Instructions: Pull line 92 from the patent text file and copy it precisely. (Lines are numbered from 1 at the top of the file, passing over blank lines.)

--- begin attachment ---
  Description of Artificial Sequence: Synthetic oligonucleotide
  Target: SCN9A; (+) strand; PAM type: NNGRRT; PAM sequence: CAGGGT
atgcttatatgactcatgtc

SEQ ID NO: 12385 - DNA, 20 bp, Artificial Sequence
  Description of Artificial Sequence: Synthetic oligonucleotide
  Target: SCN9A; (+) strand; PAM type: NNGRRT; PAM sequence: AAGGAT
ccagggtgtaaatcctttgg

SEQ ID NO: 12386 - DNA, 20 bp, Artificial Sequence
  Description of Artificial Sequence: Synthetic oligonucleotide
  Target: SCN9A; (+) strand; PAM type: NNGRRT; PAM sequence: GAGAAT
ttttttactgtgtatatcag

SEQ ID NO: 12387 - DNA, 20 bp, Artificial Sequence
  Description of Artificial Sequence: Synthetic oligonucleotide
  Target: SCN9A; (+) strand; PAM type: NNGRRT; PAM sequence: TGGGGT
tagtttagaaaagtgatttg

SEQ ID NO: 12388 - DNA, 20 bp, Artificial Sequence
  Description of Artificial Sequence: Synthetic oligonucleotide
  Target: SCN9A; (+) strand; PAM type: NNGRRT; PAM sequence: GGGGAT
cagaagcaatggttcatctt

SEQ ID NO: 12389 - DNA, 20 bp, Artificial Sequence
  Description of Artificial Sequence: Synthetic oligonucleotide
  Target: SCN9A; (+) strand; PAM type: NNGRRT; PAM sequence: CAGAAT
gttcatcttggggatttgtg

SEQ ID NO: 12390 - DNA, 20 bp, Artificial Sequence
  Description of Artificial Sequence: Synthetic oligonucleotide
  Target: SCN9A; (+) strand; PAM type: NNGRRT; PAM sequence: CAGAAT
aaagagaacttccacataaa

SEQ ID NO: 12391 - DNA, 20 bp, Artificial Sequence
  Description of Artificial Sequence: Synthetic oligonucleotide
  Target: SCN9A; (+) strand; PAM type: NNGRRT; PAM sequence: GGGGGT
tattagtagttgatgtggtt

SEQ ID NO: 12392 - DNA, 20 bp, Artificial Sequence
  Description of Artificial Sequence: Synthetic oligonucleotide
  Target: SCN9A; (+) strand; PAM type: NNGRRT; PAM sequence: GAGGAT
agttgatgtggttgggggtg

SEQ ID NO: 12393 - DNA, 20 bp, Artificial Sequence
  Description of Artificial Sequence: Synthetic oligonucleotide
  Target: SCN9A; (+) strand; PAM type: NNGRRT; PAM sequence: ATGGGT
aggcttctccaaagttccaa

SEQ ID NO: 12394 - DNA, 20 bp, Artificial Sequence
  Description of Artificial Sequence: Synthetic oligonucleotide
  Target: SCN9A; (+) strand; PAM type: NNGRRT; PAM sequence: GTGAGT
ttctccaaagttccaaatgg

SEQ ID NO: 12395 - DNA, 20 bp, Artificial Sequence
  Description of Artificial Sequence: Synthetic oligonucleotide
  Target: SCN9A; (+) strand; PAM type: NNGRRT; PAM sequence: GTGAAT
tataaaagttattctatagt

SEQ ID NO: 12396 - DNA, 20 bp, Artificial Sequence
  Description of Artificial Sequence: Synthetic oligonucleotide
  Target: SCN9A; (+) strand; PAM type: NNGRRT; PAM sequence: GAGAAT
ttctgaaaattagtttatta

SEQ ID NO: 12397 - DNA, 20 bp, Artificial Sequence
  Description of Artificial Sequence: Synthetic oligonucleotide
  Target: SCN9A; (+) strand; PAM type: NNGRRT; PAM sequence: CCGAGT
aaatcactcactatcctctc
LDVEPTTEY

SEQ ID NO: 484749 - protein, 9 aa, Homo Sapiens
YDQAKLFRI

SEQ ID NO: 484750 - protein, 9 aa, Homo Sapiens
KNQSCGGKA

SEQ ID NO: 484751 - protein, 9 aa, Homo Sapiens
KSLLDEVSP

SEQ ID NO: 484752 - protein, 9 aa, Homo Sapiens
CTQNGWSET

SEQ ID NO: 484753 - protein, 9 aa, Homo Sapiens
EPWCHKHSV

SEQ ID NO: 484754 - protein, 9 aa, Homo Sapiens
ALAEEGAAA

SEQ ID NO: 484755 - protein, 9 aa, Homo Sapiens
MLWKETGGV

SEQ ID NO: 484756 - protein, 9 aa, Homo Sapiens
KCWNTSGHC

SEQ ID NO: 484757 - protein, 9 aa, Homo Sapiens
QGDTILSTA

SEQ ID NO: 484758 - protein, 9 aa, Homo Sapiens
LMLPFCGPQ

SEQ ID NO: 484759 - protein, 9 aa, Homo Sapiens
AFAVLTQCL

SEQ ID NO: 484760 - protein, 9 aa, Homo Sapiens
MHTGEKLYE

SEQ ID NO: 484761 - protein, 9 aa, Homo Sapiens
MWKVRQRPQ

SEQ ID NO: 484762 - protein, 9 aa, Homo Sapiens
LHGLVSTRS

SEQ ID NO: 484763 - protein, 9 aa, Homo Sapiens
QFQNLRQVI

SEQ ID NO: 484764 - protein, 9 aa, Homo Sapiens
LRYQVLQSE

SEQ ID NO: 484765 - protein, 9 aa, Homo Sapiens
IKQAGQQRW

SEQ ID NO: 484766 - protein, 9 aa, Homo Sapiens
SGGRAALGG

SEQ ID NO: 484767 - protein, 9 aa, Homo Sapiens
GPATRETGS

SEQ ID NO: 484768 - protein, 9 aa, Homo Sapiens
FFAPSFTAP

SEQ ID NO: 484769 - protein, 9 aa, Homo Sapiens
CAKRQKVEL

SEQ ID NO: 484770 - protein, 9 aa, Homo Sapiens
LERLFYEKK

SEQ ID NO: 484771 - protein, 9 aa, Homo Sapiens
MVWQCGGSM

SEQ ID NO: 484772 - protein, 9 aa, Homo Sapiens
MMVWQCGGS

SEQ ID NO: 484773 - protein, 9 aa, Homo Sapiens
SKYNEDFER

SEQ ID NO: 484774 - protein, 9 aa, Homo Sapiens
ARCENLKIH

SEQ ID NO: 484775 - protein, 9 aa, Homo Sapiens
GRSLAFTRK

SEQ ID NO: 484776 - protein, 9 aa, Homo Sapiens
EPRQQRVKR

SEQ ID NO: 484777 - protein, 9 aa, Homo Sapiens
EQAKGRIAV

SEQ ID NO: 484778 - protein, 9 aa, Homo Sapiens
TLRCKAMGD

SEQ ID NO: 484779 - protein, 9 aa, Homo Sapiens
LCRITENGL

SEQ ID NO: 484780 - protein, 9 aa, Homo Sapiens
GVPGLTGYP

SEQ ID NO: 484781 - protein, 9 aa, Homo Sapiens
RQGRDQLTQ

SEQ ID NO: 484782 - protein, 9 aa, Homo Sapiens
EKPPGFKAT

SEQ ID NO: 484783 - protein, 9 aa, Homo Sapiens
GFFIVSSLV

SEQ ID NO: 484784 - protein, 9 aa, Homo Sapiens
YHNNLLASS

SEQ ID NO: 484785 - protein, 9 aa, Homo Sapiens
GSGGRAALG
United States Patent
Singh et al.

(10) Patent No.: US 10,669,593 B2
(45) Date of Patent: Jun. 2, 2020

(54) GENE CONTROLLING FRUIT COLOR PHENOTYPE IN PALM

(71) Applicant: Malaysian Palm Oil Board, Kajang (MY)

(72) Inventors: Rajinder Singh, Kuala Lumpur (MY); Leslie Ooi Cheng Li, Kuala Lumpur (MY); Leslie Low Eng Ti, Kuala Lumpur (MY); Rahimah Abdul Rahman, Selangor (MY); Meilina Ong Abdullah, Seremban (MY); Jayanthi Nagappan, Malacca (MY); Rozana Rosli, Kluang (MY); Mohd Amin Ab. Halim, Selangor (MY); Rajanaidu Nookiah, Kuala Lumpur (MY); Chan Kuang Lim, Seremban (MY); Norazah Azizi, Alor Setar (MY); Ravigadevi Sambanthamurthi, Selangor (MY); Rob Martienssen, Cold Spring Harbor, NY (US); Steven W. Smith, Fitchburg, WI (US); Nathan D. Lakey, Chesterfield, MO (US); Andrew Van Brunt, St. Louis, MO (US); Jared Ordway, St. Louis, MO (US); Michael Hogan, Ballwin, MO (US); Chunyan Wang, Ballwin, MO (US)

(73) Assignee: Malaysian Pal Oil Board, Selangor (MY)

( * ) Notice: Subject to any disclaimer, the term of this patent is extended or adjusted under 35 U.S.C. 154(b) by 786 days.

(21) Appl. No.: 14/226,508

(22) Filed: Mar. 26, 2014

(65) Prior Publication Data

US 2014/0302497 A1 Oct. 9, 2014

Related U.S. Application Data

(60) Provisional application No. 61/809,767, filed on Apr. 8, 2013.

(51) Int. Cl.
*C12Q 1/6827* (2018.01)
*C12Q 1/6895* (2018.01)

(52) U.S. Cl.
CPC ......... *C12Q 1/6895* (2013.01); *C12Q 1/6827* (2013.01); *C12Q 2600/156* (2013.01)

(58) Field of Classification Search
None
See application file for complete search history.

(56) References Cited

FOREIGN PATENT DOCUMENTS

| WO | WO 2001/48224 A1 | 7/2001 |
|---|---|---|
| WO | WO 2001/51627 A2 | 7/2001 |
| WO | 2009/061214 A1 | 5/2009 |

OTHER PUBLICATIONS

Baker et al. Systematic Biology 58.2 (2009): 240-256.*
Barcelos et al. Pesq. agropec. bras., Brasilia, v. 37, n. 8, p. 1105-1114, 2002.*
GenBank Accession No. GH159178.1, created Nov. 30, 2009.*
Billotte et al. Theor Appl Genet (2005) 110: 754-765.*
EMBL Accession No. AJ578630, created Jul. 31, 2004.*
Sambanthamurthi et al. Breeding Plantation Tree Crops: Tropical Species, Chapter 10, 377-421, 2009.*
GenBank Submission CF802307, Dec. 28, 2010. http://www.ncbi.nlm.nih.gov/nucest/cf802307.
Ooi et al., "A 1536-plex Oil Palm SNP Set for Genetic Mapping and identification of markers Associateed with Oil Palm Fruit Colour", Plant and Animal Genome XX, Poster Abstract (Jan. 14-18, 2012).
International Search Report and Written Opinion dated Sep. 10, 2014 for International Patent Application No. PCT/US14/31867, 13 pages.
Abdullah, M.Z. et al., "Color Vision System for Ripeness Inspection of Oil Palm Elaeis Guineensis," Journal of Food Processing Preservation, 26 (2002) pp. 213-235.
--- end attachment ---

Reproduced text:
SGGRAALGG